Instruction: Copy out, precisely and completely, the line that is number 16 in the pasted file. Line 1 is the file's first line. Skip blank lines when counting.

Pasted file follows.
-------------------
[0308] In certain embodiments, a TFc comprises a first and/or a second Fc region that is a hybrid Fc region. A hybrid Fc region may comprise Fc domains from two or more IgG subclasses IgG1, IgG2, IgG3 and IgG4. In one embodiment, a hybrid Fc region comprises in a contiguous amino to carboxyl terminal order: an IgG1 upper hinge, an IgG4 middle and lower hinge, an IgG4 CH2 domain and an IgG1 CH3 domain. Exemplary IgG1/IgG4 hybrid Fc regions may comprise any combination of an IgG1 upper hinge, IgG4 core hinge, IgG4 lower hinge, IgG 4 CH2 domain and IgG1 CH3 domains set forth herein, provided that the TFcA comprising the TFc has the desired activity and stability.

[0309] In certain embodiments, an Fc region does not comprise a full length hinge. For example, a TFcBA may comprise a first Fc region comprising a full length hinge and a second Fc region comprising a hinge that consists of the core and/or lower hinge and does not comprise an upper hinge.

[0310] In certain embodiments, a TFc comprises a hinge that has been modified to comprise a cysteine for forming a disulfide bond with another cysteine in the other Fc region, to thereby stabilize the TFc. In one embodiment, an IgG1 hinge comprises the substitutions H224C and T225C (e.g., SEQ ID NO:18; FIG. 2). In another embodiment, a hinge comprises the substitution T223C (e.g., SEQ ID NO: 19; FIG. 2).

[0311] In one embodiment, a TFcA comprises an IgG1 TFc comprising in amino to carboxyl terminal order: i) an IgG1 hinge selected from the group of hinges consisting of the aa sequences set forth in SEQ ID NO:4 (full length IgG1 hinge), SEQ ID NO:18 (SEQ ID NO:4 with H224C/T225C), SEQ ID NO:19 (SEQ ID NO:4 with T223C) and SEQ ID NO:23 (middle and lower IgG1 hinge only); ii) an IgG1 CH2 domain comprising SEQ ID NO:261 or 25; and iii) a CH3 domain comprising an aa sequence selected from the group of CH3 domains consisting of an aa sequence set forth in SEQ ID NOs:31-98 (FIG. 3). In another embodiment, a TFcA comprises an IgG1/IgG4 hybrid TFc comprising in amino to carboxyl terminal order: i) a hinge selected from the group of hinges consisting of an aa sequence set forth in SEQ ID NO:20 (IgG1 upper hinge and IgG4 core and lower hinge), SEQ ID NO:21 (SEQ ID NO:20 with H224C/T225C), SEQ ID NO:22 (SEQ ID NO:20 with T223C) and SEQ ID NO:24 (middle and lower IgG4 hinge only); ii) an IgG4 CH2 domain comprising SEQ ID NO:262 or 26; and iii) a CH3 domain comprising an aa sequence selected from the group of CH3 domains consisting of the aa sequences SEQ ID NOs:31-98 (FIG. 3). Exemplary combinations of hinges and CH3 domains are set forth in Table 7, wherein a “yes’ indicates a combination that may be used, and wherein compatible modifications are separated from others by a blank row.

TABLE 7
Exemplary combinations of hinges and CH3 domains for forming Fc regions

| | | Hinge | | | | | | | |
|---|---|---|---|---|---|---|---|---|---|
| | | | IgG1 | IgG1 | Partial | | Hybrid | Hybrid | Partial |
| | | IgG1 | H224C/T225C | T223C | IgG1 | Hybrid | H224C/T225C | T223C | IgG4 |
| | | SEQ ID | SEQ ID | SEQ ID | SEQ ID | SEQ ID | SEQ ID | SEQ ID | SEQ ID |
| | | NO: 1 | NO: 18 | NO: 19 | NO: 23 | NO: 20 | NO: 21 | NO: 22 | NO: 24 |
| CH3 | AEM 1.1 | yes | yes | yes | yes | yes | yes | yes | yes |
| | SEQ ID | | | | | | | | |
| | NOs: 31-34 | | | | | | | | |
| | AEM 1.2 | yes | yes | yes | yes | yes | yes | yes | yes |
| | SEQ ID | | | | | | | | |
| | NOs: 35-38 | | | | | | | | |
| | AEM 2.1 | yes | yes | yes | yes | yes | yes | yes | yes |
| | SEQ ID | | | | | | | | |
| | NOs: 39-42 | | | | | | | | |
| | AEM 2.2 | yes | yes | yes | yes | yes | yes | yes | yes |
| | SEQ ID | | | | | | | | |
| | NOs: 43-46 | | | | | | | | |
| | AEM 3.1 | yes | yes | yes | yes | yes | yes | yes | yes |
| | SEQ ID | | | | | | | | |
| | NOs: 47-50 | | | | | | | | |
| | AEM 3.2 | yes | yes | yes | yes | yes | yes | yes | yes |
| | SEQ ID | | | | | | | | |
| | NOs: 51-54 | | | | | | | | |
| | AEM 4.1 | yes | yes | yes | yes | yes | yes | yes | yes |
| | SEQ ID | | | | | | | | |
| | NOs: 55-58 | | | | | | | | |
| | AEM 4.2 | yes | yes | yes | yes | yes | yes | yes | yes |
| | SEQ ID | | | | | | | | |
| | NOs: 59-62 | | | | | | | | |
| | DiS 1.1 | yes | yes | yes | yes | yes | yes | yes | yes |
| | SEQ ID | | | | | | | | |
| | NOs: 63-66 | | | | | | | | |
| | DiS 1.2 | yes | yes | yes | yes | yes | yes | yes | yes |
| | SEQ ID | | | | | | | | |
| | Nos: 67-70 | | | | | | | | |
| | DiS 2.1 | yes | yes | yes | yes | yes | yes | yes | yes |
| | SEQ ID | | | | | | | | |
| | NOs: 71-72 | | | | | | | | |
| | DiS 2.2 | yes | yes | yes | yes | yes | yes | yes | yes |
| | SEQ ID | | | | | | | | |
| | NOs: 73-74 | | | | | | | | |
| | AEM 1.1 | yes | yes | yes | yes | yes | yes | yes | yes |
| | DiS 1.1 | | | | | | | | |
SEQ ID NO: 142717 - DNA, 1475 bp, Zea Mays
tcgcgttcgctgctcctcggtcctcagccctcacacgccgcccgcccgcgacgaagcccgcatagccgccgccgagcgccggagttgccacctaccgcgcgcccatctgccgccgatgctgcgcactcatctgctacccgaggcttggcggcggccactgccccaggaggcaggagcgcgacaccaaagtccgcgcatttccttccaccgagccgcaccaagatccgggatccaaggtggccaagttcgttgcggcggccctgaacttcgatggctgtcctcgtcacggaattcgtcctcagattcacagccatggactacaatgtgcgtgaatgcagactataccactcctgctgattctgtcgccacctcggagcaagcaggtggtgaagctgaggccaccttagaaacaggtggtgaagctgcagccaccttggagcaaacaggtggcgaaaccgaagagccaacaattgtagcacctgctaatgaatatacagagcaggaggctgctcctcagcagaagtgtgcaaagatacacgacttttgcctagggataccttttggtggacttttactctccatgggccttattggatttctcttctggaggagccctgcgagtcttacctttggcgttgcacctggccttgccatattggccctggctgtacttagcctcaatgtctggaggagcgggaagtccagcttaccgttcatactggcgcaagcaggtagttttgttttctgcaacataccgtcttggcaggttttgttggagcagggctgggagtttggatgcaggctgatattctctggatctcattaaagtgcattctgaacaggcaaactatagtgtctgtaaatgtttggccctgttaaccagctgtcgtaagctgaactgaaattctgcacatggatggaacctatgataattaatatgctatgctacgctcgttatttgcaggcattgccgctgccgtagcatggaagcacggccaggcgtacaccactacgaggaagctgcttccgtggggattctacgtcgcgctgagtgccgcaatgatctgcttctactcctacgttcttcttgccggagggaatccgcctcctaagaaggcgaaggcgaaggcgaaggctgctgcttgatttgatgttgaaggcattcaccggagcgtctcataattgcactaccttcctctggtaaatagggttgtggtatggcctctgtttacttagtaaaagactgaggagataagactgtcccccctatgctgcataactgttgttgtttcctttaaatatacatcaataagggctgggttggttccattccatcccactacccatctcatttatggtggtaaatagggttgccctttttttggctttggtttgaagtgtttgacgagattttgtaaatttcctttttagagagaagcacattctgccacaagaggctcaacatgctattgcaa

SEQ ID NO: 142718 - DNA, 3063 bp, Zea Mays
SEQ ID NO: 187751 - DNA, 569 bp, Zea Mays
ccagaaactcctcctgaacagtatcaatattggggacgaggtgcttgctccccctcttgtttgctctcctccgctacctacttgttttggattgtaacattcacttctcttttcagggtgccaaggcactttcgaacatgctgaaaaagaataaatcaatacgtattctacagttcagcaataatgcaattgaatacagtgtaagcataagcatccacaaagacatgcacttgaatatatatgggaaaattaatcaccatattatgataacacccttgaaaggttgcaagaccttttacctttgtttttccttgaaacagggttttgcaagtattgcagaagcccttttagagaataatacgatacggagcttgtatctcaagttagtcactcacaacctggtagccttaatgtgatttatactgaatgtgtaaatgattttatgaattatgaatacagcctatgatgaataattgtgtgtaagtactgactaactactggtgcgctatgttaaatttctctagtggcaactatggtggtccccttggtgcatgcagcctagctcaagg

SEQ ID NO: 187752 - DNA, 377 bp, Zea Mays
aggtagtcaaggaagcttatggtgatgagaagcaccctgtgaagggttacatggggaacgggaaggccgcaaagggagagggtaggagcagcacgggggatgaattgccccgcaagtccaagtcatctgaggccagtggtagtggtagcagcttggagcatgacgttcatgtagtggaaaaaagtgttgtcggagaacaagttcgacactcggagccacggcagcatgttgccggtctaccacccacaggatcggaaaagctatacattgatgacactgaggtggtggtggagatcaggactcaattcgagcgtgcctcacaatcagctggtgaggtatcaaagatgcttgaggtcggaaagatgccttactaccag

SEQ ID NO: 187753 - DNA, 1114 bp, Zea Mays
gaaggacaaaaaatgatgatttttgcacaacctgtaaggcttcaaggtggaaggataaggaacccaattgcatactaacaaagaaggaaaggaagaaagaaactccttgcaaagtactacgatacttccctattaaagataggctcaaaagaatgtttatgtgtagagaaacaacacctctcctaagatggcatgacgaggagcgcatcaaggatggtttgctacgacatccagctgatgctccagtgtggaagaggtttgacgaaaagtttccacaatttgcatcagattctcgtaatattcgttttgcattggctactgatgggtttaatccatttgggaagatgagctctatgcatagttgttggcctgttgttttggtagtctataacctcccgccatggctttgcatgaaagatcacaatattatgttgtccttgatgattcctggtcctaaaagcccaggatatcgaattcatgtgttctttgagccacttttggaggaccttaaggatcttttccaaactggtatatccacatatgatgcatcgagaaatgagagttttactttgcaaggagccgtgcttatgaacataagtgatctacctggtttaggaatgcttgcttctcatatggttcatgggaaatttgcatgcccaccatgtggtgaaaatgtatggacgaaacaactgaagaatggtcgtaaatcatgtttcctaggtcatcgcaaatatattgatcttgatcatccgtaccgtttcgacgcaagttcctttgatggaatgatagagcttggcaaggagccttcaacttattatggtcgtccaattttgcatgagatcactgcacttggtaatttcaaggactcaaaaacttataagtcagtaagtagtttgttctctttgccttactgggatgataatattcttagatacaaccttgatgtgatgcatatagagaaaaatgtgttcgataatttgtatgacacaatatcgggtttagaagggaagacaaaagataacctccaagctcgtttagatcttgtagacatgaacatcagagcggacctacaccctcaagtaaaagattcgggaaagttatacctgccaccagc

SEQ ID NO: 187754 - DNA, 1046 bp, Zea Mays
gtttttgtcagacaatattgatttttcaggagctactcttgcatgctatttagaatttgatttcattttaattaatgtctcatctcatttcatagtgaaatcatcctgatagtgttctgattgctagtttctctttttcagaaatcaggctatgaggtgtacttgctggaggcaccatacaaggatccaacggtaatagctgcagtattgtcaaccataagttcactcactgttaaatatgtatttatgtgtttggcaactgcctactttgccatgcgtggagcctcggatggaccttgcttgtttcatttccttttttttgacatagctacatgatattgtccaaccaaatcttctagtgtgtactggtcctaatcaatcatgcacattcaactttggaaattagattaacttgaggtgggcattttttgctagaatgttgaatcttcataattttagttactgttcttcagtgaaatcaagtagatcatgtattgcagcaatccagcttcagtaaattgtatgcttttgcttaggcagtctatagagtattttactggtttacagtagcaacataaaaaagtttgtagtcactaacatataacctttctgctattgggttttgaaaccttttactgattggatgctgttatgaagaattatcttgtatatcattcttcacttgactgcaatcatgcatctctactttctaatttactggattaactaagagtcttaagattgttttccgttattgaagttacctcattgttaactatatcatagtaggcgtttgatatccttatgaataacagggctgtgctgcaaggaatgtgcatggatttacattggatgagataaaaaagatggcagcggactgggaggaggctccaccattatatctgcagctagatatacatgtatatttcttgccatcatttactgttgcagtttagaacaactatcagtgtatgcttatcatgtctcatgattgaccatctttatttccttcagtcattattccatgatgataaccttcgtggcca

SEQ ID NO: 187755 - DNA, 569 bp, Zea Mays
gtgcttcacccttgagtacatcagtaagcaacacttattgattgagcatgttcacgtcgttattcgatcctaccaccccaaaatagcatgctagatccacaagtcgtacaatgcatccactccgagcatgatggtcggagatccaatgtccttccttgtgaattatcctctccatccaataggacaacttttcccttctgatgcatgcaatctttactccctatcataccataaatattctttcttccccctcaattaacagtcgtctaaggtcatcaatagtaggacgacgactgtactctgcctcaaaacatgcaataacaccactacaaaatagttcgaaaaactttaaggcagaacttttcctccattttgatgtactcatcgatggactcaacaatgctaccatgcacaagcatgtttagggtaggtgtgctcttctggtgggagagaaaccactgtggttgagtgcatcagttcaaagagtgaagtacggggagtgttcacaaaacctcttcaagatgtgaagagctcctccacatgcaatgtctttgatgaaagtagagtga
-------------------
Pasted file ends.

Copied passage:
| | AEM 1.2 | yes | yes | yes | yes | yes | yes | yes | yes |